In the field hockey world, Great Britain’s Ashley Jackson is one of the brightest stars. Three times an Olympian, his country’s all-time record goal scorer, and described by some commentators as the ‘Pirlo or Iniesta’ of Britain’s program on the turf.
But the 30-year-old’s first sporting passion was on the ice, chasing a puck around the Medway rink in his native Kent almost as soon as he could walk. This season, he’s taking a time-out from field hockey to return to that first love, skating for Basingstoke Bison in England’s National Ice Hockey League Division 1 (South).
“I started playing ice hockey when I was about two-and-a-half or three years old,” Jackson said after helping his new team to a 2-0 victory over Sheffield Steeldogs in the Autumn Cup. “It was a family thing. My granddad played many, many years ago, and my uncle played in the era before us. They were both playing in that Essex / Kent border area, for teams like Romford Raiders and Medway Bears, as they were back then. I used to go along with my dad to watch, it was a bit of a family day out and that was it, really.
“This was all quite a long time before I started playing field hockey, I must have been eight or nine when I first tried that.”
When Jackson reached his teens, though, pressures at school and a burgeoning field hockey career meant that something had to give, and it was ice hockey that fell away. “I stopped playing in about 2000,” he said. “A lot of that group did. We were so young, we moved up to secondary school and suddenly there was no time for late night road trips places like Sheffield. In the end, my dad decided that it was time to concentrate on other stuff.”
‘Other stuff’ included a stellar field hockey career. Jackson’s achievements for club and country have made him one of the biggest stars in that sport. Three Olympic appearances, including a fourth-place finish on home turf in London in 2012 for GB, Eurohockey Nations gold and a Commonwealth bronze representing England tell part of the story; a starring role in Hockey League India, captaining the Ranshi Rays to the 2015 title and an English championship with Holcombe represent some of the highlights in the club game. But the itch to play on the ice again was still there, and as early as 2010/11 he was guesting in a handful of games with the Invicta Mustangs. This season, though, is Jackson’s first full-time campaign on the ice, the first season he’s an ice hockey pro; his field hockey role is currently limited to the coaching school he runs with his brother, Wesley.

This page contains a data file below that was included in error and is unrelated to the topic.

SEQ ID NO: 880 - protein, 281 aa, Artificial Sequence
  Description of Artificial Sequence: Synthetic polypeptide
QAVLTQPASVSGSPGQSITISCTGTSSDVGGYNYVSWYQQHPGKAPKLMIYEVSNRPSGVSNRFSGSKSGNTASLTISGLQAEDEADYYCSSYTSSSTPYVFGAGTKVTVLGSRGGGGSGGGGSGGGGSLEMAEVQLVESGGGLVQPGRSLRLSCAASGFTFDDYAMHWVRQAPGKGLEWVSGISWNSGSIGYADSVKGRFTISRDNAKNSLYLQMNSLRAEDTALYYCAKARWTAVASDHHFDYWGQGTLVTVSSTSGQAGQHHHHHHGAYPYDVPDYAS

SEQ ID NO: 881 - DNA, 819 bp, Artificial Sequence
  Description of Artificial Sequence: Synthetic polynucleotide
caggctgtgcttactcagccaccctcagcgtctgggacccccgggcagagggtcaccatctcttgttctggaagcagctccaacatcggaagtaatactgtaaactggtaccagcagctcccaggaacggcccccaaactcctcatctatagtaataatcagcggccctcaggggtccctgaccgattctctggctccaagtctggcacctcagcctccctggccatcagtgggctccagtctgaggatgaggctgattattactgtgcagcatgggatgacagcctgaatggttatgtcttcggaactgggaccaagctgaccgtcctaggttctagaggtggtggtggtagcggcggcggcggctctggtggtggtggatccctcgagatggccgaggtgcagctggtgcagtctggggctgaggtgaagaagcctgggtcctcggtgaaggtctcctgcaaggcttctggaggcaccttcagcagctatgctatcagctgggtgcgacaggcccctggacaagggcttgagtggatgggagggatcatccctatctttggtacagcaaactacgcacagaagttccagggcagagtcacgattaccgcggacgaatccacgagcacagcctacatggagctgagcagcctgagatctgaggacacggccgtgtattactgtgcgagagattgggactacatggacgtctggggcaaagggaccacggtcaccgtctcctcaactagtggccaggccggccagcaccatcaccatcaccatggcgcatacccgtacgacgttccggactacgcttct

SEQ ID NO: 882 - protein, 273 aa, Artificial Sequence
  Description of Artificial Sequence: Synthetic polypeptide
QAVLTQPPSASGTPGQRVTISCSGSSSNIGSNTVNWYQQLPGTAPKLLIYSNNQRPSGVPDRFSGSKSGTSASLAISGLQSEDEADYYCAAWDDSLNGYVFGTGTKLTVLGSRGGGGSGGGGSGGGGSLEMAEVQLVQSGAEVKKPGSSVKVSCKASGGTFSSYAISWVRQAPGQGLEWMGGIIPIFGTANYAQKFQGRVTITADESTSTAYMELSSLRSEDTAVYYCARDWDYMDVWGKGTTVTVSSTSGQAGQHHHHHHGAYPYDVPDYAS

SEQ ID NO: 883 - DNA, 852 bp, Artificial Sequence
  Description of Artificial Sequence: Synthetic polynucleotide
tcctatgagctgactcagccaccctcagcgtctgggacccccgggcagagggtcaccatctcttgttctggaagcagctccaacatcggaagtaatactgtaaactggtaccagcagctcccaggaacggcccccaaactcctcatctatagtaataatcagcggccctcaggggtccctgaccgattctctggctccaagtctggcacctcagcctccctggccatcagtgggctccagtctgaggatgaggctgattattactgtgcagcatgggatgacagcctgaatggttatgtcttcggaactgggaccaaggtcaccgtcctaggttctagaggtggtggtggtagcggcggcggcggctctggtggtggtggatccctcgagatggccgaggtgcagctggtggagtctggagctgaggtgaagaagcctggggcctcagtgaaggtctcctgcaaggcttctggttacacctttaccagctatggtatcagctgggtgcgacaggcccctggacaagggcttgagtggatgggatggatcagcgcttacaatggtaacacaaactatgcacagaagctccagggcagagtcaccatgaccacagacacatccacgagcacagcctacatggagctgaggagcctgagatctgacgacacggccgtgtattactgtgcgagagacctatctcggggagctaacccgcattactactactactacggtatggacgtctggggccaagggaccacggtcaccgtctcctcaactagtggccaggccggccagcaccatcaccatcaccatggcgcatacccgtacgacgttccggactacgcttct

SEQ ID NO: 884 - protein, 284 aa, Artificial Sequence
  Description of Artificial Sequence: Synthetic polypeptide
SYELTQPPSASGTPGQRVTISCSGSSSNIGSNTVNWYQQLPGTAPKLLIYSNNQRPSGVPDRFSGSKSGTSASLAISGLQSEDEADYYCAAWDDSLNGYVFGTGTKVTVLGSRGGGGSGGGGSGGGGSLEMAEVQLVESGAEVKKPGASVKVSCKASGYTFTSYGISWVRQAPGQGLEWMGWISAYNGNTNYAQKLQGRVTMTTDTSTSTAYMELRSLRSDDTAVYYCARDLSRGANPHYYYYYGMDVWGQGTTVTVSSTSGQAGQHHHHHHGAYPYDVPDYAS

After so many years at the pinnacle of one game, life at a more modest level of sport offers new challenges. For one, the similarities between field and ice hockey begin and end with the name: there’s not much else in common, from the equipment to the size of the playing surface. Transferable skills aren’t easy to find.
“It’s all pretty different,” Jackson said. “On the ice, I shoot left-handed, but field hockey is exclusively right-handed, for example. I guess there are general things like hand-eye coordination, vision, that are transferable to a certain extent, but other than that I’m really trying to remember what I was doing 15 years ago. I just need practice, time on the ice, the challenge of trying to get better and better.”
That challenge is a big motivation, the need to establish a reputation and earn the trust of the team is something new for an elite sportsman. “It’s different when you’re not the go-to guy, when you’re trying to earn the respect of your teammates and your coach,” Jackson added. “Maybe somewhere down the line I can get the trust to be put in those big situations, but that can only happen over time if I do the right things up to that point. It’s been a lot of fun so far – we’ve got a great bunch of guys here and they make it a real pleasure to come and train during the week and get up for the games at the weekends – so now I’m hoping to push on with my performances.”